Sally Yamasaki, Donna Hawkey & Michael Troyer

Over the last four years, Lake Forest Park residents Sally Yamasaki, Donna Hawkey and Michael Troyer have led a grassroots effort to explore Community Land Trusts (CLTs) as a viable tool for increasing housing diversity and affordability in Lake Forest Park and throughout our north-end communities. Working in partnership with Homestead Community Land Trust, this dynamic trio has presented to city planning commissions and city councils, hosted a very successful bus tour of area CLTs, and as active NUHSA members, provided a presentation during Affordable Housing Week. Through their advocacy, CLTs are now more broadly recognized as not only an option for creating permanently affordable housing, but also as a way to build generational wealth and stability and ensure families may live and work in the same community.

Outstanding Human Services Program

Northshore Nourishing Networks

In October 2011, with founding support from Hopelink, an energetic group of representatives from the school district, local governments, faith groups, PTAs, business leaders, human services providers and community members, including those who had experienced hunger themselves, formed a grass roots initiative – the Northshore Nourishing Network – with the goal of ending student hunger in Northshore. Many in the community were already making a difference, and through the Network, their knowledge and expertise helped link more people from diverse sectors and cultures to leverage resources and serve the community in new and deeply personal ways. Backpack (Totes) programs, Little Free Pantries, more community meals, food pantries on school and local college campuses, and home gardeners sharing produce all became an integral part of the Network.

Terra Droney and Elise Harris are the current Conveners in Bothell/Kenmore and Woodinville (Northshore), and through monthly virtual meetings, they connect dozens of volunteers and advocates to help with specific needs in the community – filling food pantries, assisting families in times of crisis, promoting human services events – and help create collaborative partnerships to address immediate and emerging needs. Through the Nourishing Networks framework and with the dedicated local leadership of Elise and Terra, a strong web of providers and advocates continues to be woven to effectively address not only hunger but other needs such as diapers and school supplies.  The Nourishing Network has become the go-to place in Kenmore, Bothell, and Woodinville to fill in the gaps and reinforce the safety net.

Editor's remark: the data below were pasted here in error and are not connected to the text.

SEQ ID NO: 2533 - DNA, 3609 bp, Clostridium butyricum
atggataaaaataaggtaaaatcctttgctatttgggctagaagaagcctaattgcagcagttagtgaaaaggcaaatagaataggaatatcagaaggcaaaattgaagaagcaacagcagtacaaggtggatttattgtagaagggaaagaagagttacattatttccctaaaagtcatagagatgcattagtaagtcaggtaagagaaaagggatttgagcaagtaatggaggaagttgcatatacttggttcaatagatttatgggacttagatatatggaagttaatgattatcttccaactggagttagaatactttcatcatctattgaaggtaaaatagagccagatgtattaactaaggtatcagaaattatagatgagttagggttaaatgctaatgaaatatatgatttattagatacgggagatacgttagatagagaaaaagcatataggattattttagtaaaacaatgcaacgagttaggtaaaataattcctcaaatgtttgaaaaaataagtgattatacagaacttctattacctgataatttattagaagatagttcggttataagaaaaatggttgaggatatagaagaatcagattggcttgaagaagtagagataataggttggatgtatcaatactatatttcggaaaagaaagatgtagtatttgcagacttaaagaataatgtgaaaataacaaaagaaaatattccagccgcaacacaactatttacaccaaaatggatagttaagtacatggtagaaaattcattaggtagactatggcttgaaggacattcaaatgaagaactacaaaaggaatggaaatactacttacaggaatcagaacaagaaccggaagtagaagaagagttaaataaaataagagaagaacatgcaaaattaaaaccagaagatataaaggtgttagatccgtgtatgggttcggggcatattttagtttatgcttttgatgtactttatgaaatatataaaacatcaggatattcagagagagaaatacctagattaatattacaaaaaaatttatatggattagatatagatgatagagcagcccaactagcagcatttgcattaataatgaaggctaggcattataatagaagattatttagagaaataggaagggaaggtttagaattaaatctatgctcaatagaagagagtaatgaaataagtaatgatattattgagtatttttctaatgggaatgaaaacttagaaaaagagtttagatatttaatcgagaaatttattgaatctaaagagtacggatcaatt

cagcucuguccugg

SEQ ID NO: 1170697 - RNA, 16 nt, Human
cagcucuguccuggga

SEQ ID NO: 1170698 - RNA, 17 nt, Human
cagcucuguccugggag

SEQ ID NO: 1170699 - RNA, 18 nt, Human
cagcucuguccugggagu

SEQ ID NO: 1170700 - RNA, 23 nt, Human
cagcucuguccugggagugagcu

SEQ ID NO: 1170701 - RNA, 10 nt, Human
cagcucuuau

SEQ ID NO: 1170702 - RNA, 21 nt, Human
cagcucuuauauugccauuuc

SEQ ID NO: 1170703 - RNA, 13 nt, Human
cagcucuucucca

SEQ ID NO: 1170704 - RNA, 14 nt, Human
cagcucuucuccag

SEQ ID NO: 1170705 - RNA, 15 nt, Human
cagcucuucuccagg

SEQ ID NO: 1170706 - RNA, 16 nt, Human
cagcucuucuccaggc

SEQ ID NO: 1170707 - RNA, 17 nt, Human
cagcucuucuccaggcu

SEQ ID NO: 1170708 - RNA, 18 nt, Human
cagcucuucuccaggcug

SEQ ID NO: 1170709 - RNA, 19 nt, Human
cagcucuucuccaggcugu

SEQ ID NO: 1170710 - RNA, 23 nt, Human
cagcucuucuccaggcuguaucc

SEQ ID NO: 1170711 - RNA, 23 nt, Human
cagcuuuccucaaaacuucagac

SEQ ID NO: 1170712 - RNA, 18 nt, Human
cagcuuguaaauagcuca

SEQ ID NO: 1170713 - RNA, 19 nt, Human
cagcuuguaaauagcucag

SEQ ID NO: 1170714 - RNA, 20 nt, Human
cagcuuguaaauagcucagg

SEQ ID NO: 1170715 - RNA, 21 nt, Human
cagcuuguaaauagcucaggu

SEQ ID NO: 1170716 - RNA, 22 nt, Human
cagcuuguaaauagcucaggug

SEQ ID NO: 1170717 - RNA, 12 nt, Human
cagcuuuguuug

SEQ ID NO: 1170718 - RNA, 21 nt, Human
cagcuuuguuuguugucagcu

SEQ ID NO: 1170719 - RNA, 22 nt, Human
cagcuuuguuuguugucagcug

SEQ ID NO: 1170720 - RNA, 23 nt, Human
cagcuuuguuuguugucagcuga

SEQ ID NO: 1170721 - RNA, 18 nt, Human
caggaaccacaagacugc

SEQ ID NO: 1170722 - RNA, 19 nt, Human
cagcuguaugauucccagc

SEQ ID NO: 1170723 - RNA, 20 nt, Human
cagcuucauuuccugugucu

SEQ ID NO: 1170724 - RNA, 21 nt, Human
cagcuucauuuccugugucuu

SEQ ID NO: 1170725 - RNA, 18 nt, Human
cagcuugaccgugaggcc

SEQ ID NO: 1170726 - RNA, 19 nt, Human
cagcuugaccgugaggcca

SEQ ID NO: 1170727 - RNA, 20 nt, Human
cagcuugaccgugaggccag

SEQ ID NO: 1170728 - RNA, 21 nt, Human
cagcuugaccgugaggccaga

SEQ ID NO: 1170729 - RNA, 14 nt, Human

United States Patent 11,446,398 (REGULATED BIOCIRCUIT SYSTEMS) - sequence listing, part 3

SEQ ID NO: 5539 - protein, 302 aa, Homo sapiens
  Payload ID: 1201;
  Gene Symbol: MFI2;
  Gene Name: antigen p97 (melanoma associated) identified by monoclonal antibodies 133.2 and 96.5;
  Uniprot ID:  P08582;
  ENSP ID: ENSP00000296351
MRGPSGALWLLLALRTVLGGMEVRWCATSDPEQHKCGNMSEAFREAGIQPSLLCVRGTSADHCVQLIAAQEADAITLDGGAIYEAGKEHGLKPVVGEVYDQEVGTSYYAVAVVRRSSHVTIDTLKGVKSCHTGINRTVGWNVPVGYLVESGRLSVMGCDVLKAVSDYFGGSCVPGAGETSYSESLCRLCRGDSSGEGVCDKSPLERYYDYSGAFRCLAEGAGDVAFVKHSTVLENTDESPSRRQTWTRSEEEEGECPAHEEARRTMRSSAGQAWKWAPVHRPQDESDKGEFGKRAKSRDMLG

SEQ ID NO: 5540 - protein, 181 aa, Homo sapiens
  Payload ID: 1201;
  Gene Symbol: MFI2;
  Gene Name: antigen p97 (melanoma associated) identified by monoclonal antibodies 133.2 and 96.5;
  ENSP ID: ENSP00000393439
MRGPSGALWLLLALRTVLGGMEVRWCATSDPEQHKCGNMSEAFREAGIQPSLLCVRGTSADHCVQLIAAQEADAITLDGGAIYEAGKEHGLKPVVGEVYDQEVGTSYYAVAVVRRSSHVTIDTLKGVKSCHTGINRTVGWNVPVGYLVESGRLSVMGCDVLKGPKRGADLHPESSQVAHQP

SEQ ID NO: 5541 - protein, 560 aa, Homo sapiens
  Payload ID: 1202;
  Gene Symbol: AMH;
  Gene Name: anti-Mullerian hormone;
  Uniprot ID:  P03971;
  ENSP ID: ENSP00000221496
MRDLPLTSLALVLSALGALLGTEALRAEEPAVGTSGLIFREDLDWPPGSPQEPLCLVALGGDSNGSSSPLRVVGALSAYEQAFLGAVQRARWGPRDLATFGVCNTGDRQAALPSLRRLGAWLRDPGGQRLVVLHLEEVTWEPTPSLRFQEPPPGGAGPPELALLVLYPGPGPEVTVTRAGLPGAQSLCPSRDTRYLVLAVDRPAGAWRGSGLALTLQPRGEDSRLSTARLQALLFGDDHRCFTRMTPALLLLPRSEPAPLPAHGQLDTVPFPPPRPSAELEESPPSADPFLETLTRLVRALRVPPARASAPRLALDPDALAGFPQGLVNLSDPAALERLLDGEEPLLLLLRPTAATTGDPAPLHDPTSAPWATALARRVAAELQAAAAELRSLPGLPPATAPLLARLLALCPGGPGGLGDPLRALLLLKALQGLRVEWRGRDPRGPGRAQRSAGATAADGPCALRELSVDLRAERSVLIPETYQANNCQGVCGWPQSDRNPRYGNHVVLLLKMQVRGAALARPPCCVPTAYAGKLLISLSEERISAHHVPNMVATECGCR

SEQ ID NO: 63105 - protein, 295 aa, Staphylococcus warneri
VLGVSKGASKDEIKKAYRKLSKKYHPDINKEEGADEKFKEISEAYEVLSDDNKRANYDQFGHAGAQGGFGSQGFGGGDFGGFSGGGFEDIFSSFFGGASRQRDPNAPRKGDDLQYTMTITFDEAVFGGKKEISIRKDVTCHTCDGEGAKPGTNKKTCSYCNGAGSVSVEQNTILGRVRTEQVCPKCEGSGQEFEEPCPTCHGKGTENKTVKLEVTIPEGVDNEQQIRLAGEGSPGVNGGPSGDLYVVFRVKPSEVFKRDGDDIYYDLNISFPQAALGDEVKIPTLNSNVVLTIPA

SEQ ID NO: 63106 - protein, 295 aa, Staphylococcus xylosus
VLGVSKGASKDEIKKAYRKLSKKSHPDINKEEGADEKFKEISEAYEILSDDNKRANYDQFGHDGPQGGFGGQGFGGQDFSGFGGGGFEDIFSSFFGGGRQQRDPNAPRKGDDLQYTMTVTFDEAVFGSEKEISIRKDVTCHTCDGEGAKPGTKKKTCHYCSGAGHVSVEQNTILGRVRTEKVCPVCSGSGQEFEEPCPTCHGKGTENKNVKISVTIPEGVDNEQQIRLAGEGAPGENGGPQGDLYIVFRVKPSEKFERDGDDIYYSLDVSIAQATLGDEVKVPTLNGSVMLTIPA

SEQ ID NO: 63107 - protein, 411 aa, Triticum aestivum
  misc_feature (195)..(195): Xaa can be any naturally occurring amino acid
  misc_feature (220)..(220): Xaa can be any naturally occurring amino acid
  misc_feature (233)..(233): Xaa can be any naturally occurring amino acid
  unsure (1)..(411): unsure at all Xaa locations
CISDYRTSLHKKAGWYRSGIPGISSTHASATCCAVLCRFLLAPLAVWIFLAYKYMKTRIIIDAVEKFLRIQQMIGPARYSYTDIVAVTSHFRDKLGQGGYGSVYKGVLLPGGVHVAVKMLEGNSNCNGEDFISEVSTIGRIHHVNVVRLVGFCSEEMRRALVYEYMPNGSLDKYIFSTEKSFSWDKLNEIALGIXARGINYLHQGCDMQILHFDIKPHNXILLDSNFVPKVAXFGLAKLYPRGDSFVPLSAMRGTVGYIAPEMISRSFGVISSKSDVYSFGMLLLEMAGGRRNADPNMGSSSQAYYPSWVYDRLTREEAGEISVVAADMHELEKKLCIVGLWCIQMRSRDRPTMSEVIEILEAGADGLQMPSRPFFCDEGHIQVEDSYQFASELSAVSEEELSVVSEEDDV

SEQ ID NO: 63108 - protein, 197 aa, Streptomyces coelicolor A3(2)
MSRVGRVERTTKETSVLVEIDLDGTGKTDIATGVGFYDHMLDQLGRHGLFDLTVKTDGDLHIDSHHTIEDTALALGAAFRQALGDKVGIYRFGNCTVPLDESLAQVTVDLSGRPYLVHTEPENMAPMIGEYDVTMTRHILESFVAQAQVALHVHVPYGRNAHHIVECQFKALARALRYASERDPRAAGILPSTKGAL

Northshore was the prototype Nourishing Network, and now there are seven similar communities in north and east Puget Sound each working to share information and resources, connect volunteers, and maximize the power of dedicated and sustained collaboration. 


Shoreline PTA Council Mental Health Committee 

Since its inception in early 2022, the Shoreline PTA Council Mental Health Committee has steadily raised awareness of mental health issues and resources within the school district and broader community and reduced negative stereotypes and stigma around mental health for families and students. Under the leadership of Missy Liu and an active Steering Committee, the group has created and distributed a comprehensive mental health resource list, provided education through in person and virtual speakers and community meetings, and created a grant program to promote mental health initiatives in the schools. The Committee has also advocated for increased mental health support and funding at the local and state level, and most recently, hosted a regionwide Mental Health Symposium that elevated student voices and shared resources. Success for this group is defined by a school culture where students feel safe when talking about their mental health and know how to seek solutions – and through its many efforts, the Committee has made great strides in achieving this goal.

Center for Human Services Board of Directors